Chess Room Newsletter #750 | Mechanics' Institute

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Chess Room Newsletter #750

Gens Una Sumus!

Mechanics’ Institute Chess Club Newsletter #750
June 10, 2016

Possibly with the exception of Karpov, everybody gets into a bad position once in a while, so that's not a reason at all to simply lose them. You also have to find a way to save lost positions and try to win them. If possible.

—Tony Miles

1) Mechanics’ Institute Chess Club News

Three rounds into the 118-player Summer Tuesday Night Marathon International Master Elliott Winslow, FIDE Master Andy Lee, National Masters James Sun and Uyanga Byambaa and Experts Michael Walder and Ganesh Viswanath lead with 3–0 scores. It is still possible to enter the 8-round USCF- and FIDE-rated event with half-point byes for the first three rounds.

From round 3 of the Summer Tuesday Night Marathon:
Black to move (Harmon–Viswanath after 21 Qd1)White to move (Hakobyan–Vickers after 29...Qxh5)
Black to move (Ochoa–Smith after 53 Ke3)Black to move (Babayan–Erickson after 17 f4)
Black to move (Allen–Kim after 19 Kd1)Black to move (Wonsever–Lesquillier after 21 g3)
Black to move (Starr–Nelson after 12 Ne2)For the solutions, see the game scores for round 3.

Wednesday Night Blitz, June 1

1st Jules Jelinek
2nd–3rd Patrick Donnelly and Christain Jensen

International Master Ricardo De Guzman dominated the 53rd Arthur Stamer Memorial, held June 4 and 5. The former member of the Philippines Olympiad team scored 5½ from 6 to top the 30-player event. Tying for second a point back were Expert Michael Da Cruz and Class A player Derek O'Connor. The latter had a very fine event, defeating Da Cruz, drawing with National Master Paul Gallegos (the only player to draw De Guzman) and losing only to De Guzman in a tough rook-and-pawn ending.

Other top finishers, ending up with 4 points, were Gallegos, Cailen Melville, Daniel McKellar and Alexander Tian Hu (rated 1710, with wins over two Class A players and losses only to De Guzman and Da Cruz). The upset prize winners were Alex Xiao, Nicholas Boldi, Agnes Wang, Ben Michaelsen and Nicholas Ziang, who were all awarded book prizes.

2) US Olympiad Teams for Baku Announced

GM Fabiano Caruana
GM Hikaru Nakamura
GM Wesley So
GM Sam Shankland
GM Ray Robson

GM Irina Krush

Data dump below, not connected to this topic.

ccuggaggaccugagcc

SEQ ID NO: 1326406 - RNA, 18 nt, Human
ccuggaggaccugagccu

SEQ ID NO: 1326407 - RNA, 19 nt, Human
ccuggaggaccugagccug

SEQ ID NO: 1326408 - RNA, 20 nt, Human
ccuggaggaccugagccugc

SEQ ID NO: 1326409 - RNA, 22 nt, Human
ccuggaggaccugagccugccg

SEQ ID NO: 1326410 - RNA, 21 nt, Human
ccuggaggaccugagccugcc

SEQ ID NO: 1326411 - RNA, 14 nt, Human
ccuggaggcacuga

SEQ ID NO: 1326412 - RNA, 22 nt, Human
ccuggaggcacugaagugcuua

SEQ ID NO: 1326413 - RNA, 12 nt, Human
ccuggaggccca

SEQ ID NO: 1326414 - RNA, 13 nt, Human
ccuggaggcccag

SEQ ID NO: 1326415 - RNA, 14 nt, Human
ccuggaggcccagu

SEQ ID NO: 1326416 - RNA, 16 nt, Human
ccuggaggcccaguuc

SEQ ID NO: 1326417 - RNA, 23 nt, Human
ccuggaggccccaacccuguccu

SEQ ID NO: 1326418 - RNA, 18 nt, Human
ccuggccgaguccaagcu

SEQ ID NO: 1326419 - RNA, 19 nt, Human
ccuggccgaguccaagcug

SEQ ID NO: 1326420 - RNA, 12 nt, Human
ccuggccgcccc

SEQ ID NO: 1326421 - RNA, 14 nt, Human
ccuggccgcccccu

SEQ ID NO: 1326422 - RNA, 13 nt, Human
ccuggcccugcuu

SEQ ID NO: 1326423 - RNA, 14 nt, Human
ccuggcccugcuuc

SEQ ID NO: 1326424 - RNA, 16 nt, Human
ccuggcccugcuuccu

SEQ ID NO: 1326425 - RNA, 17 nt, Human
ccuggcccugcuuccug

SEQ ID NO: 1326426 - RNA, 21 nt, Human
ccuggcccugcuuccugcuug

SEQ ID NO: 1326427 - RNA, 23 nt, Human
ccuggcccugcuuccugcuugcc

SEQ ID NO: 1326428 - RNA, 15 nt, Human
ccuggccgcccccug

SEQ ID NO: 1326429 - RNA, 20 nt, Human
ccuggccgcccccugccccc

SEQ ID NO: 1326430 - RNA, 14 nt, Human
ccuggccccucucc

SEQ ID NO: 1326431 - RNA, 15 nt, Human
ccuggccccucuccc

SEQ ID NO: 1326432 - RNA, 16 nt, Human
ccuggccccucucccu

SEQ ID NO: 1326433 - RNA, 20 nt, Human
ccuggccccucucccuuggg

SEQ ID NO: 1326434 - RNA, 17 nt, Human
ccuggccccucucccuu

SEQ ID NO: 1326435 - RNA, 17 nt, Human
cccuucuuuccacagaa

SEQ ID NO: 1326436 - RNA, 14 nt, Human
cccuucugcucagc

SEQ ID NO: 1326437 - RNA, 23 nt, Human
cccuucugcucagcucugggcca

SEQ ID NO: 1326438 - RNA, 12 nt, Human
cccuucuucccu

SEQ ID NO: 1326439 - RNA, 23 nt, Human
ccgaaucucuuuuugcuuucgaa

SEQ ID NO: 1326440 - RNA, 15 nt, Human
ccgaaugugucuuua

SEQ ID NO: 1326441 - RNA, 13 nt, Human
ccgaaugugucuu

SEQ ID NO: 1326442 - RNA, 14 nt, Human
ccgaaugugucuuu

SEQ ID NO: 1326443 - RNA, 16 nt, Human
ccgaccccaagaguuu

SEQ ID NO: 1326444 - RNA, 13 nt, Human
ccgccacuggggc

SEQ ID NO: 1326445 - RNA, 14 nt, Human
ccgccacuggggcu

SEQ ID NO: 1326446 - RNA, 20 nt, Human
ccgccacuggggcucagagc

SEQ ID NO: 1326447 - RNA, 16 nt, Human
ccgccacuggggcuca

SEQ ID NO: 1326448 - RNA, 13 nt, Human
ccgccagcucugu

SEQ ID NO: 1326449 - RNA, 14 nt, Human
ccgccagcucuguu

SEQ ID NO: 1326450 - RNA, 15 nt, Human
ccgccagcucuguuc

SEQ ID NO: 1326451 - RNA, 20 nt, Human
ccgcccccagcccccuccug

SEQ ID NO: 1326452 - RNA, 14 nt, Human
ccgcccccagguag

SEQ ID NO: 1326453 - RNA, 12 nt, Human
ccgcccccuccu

IM/WGM Anna Zatonskih
WGM Katerina Nemcova
IM/WGM Nazi Paikidze
WGM Sabina Foisor

John Donaldson will serve as captain of the Open team and Yasser Seirawan of the Women’s team. The Baku Olympiad runs from September 1 to 14.

3) Games of William Addison from the Monterey International 1969

Among the treasures large and small in Peter Grey’s chess archives were hundreds if not thousands of scoresheets. These were often passed on to him by George Koltanowski who was constantly receiving chess information in his duties as a tournament director and journalist.

The following three games by the late William Addison (International Master, MI Chess Director 1965–68, Interzonalist 1970, played on two US Olympiad teams in 1964 and 1966) come from Peter’s archives.

The William Addison Memorial (5 rounds G/45) will be played on Saturday, June 18 at the Mechanics’ Institute Chess Club.

Old Indian A53
G. Oakes–William Addison
Monterey International (1) June 28, 1969

1.d4 Nf6 2.c4 d6 3.Nf3 Bf5 4.g3 h6 5.Bg2 c6 6.0–0 Nbd7 7.Nc3 Bh7 8.Nd2 e5 9.dxe5 dxe5 10.Nde4 Qc7 11.a3 Be7 12.b4 a5 13.b5 Bxe4 14.Nxe4 Nxe4 15.Bxe4 0–0 16.e3 Nc5 17.Bc2 Rad8 18.Qe2 Bf6 19.Bb2 Qe7 20.a4 e4 21.Bxf6 Qxf6 22.Rad1 g6 23.Rxd8 Rxd8 24.Rd1 h5 25.Rxd8+ Qxd8 26.Qd1 Qxd1+ 27.Bxd1 Kf8 28.f3 Ke7 29.Bc2 exf3 30.Kf2 Nd7 31.bxc6 bxc6 32.Be4 Ne5 33.c5 Kd7 34.h3 Kc7 35.Bc2 Nd7 36.Kxf3 Nxc5 37.e4 Kd6 38.Ke3 Ke5 39.Bb1 Nxa4 0-1

Nimzo-Indian E58
William Addison–Benjamin Gross
Monterey International (2) June 28, 1969

1.d4 Nf6 2.c4 e6 3.Nc3 Bb4 4.e3 c5 5.Bd3 d5 6.Nf3 0–0 7.0–0 Nc6 8.a3 Bxc3 9.bxc3 Qc7 10.cxd5 exd5 11.Bb2 Re8 12.Re1 Bg4 13.Qb1 h6 14.Nd2 cxd4 15.cxd4 Rad8 16.f3 Bc8 17.Nb3 Qd6 18.a4 b6 19.a5 Nxa5 20.Nxa5 bxa5 21.Rxa5 Qb8 22.Ba3 Qxb1 23.Bxb1 Rd7 24.Bc5 Rb7 25.Rxa7 Rxa7 26.Bxa7 Ba6 27.Bc5 Bc4 28.Bc2 Rc8 29.Be7 Ne8 30.Bf5 Ra8 31.Bd7 Ra7 32.Bxe8 Rxe7 33.Ba4 Kf8 34.Rb1 Rxe3?? 35.Rb8+ Ke7 36.Re8+1–0

QGD Prins D50
William Addison–A. Van Gelder